“The first time you do this you will be scared and the second time you will enjoy it,” says our team leader as he imitates the river’s meander with his hand. We’re about to float down the rapids of Pajakkakoski River in Kuhmo, eastern Finland, without a boat and in the middle of winter with temperatures in and out of the water nearing -30?C. Scared? Petrified would be a better, more literal term.

Thankfully we’re well-prepared. The bright orange survival suit, thermals and life jacket might make us walk like astronauts on the moon but at least they’re going to keep us warm. A balaclava, helmet and hood complete the ensemble. I’m cocooned within layers of insulation that only make my racing heart beat louder.

The final instruction from our guide is to position ourselves in the middle of the rapids away from the icy banks. He’s barely finished his sentence before the current sweeps me downstream.

For 500 metres I’m at the mercy of a fast-flowing beast. I’m bobbing up and down over the rapids using my arms as oars to remain feet-first and clear of possible obstacles.

The river spits wickedly cold water onto my frozen cheeks and steam from the channel clouds my vision. The water foams menacingly and for a few frantic minutes it propels, pushes and jostles my body as it carries me downriver. I feel like a fighter in the wrong weight category as, with tired limbs, I try to hold my position and prevent myself from spinning.

As I reach the first bend in the river, the water calms and the Pajakkakoski starts to run smoothly. For the first time I can appreciate the unusual perspective that floating on my back gives me: the snowy tops of pine trees pass by on both sides and the dome of a local Orthodox Church catches the light from the distant sunset.

“Swim to the right, swim to the right!” another member of the team barks from the bank. “You swim to the right,” I want to shout back as I battle against the tide, trying to edge out of the current. When I finally get to the bank, there’s another obstacle in my way: getting out. Adopting seal-like movements and rocking back and forth on my stomach I finally find ice thick enough to hold my weight so I can haul myself up onto terra firma.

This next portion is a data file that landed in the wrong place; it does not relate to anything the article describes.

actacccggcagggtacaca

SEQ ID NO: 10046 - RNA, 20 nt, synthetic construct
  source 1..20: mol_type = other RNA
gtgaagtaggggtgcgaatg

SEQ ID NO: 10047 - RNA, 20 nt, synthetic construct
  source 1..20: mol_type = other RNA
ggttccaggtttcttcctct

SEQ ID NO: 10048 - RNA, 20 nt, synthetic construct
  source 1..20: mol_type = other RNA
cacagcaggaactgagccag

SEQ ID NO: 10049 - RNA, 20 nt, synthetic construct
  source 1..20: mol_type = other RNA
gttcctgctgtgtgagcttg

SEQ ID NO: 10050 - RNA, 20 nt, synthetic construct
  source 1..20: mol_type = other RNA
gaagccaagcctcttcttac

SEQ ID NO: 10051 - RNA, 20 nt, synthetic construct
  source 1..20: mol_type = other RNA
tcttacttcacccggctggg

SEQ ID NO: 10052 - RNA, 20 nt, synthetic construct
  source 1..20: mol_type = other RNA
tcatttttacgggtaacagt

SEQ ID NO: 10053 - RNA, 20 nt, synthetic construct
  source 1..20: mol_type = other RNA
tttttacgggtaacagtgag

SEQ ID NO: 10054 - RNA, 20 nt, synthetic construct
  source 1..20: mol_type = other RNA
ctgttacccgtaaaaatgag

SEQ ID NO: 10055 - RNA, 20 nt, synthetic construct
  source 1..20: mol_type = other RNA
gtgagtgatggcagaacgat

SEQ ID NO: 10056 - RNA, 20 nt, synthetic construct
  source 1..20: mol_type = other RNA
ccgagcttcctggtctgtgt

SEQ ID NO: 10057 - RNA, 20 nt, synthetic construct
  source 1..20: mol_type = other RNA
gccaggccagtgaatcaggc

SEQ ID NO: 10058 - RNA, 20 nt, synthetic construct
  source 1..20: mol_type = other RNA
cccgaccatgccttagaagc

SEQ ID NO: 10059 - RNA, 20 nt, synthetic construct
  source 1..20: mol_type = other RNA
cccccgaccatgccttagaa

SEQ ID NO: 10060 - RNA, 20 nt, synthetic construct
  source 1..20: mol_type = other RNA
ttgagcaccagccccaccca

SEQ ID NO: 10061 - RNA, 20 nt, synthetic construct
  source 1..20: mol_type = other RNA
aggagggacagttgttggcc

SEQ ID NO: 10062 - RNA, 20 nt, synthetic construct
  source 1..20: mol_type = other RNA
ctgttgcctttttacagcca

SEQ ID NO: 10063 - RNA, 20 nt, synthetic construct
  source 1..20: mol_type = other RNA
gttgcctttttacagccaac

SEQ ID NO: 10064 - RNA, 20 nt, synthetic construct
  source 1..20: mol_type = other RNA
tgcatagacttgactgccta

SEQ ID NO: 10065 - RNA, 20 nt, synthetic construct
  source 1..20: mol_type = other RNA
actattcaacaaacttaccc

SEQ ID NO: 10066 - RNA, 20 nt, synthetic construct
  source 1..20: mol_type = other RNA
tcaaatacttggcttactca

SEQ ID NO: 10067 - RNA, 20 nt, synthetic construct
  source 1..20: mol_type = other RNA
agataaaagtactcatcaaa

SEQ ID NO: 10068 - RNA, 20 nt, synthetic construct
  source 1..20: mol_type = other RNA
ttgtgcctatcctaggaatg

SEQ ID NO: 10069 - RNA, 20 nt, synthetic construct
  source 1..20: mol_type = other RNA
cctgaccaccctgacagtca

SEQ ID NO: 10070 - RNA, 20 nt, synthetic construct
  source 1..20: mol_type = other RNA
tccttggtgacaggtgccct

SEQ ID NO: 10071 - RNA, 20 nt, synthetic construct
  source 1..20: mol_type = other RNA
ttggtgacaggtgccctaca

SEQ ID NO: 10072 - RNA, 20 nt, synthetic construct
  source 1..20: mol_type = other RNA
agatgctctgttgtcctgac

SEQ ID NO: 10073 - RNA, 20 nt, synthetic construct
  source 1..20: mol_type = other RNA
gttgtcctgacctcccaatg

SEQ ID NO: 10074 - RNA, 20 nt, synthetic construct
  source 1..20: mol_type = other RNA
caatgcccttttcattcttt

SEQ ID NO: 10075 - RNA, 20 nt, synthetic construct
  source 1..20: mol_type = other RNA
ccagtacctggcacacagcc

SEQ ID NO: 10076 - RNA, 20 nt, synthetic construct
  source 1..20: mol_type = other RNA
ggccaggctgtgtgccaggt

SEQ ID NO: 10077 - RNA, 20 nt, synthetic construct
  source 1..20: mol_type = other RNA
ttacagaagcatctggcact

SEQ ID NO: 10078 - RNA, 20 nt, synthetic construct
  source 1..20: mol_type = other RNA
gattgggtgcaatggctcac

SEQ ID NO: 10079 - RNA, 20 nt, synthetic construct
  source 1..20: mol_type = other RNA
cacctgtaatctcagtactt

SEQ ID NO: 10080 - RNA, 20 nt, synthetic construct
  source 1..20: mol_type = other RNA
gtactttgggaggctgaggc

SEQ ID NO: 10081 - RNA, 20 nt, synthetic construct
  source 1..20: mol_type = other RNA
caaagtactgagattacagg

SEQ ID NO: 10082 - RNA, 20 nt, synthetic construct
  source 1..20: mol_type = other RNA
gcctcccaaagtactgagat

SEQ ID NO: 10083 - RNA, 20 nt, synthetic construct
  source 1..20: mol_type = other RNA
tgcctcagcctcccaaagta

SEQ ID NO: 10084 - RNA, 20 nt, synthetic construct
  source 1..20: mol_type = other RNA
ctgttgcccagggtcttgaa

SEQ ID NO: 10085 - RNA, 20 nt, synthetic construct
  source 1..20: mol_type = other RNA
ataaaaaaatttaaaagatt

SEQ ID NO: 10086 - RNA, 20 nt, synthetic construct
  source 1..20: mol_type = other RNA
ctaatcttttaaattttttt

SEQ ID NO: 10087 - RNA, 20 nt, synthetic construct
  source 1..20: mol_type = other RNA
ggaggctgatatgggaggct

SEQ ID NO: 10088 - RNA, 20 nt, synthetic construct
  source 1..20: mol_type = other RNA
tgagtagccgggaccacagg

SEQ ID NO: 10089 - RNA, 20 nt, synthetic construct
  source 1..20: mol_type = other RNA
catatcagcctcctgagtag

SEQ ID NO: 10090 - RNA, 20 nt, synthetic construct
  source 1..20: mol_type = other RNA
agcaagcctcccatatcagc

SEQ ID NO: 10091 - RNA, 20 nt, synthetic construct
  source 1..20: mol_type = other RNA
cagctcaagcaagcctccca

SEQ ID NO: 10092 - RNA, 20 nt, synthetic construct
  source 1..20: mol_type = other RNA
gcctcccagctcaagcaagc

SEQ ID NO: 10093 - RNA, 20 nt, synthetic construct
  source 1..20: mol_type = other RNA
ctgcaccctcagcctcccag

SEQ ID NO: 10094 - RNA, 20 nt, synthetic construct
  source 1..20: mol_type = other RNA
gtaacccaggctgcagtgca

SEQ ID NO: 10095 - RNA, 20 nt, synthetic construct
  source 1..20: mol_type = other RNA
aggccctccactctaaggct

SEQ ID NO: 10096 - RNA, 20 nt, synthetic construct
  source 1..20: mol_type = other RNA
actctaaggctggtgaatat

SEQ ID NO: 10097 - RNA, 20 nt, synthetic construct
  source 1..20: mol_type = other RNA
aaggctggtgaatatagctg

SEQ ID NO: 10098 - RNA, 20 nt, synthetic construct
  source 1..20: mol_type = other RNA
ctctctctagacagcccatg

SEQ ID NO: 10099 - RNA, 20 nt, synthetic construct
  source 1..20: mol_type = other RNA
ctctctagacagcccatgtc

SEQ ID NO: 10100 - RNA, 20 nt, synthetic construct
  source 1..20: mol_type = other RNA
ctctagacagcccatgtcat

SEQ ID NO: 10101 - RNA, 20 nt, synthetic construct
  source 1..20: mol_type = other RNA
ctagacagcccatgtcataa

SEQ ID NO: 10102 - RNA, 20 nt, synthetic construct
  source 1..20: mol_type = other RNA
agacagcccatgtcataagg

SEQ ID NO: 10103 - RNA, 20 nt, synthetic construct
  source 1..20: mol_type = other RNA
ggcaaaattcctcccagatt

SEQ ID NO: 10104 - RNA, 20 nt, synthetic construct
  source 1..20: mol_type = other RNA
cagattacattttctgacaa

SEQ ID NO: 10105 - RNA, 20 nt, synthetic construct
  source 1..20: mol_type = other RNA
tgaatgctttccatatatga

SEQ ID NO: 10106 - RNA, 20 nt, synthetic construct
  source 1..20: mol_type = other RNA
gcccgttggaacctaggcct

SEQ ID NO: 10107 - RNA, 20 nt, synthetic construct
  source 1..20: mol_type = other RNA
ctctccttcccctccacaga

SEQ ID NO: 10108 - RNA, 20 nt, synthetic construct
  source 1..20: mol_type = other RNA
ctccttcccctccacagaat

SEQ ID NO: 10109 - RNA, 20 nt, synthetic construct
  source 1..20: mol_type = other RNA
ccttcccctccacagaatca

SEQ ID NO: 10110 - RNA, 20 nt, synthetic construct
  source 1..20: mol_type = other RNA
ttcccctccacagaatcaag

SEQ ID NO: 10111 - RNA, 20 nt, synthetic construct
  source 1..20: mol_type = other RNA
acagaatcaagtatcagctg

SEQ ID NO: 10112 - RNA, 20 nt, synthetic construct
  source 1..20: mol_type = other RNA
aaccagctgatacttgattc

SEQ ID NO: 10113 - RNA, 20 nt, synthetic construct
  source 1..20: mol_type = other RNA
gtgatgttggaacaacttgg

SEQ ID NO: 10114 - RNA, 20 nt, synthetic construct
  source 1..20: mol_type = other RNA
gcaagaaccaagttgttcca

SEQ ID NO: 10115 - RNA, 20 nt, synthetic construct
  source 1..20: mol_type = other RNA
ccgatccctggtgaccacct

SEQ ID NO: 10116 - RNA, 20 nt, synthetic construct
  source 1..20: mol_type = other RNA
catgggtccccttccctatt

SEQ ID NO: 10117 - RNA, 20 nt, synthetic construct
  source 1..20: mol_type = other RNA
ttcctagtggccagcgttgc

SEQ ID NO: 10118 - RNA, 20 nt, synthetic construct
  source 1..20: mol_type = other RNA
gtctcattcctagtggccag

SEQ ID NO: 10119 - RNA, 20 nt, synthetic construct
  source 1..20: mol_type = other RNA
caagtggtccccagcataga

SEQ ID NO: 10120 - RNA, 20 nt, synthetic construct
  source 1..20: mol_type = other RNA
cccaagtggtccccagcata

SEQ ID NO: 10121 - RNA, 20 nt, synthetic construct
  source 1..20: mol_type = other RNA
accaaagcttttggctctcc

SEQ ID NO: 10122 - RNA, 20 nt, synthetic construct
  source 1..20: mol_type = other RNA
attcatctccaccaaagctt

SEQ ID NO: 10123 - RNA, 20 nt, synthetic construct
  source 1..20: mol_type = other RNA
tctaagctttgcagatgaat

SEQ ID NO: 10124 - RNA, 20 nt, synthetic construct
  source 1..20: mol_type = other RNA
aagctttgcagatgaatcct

The temperatures are so low that the excess water dripping from the survival suit freezes onto me like miniature stalactites. I look like a band member of Lordi, the extravagant latex monsters that became Finland’s Eurovision-winning export. At the moment, though, I really don’t care. I’m too busy looking back up river wondering whether I should do it all over again.

Not cold enough yet?

Mush with the huskies
Standing on the thin runners of the sleigh with four Greenland huskies jolting and pulling at their harnesses is one of life’s more memorable experiences and should be at the top of everybody’s wish list. The dogs at the Ultima Taiga husky farm are distant relatives of the huskies that helped the explorer Amundsen reach the South Pole in 1911, adding an extra-special twist to a special activity.

Climb on a snow mobile
Another exhilarating way to travel across the ‘thousand lakes’ area of eastern Finland is on a 70km snow mobile safari. The machines are fast, flexible and easy to use. Slalom between the ancient forest pines and open up the throttle as you cross the white expanses of the frozen lakes in the Kajaani region.

Fish through the ice
Every fisherman thinks he knows which part of the lake is the most lucrative for catching pike and white fish. Once the location is chosen a tepee is erected, a hole in the ice is drilled and the nets stretched up to 90 metres below the lake’s surface. At the end of the tow, each net is dragged onto the ice to reveal the day’s catch. Alternatively, you can use a makeshift rod, line and bait in an attempt to catch your own dinner.

Ski cross-country
The skis are much thinner than the downhill variety so it might take a while to find your rhythm and balance. Once you have the basic skills, cross-country skiing is an efficient and pleasant way to enjoy the wilderness and a good way to blend in with the lycra-clad locals.

Make like James Bond
Taking a high-powered car onto a frozen lake where a makeshift track has been cleared is a great way to increase adrenaline levels. The sensation of drifting round a corner sideways with the steering wheel on full-lock while the engine is screaming is every petrol head’s dream. A roll cage, driving helmet and professional co-driver ensure a safe circuit.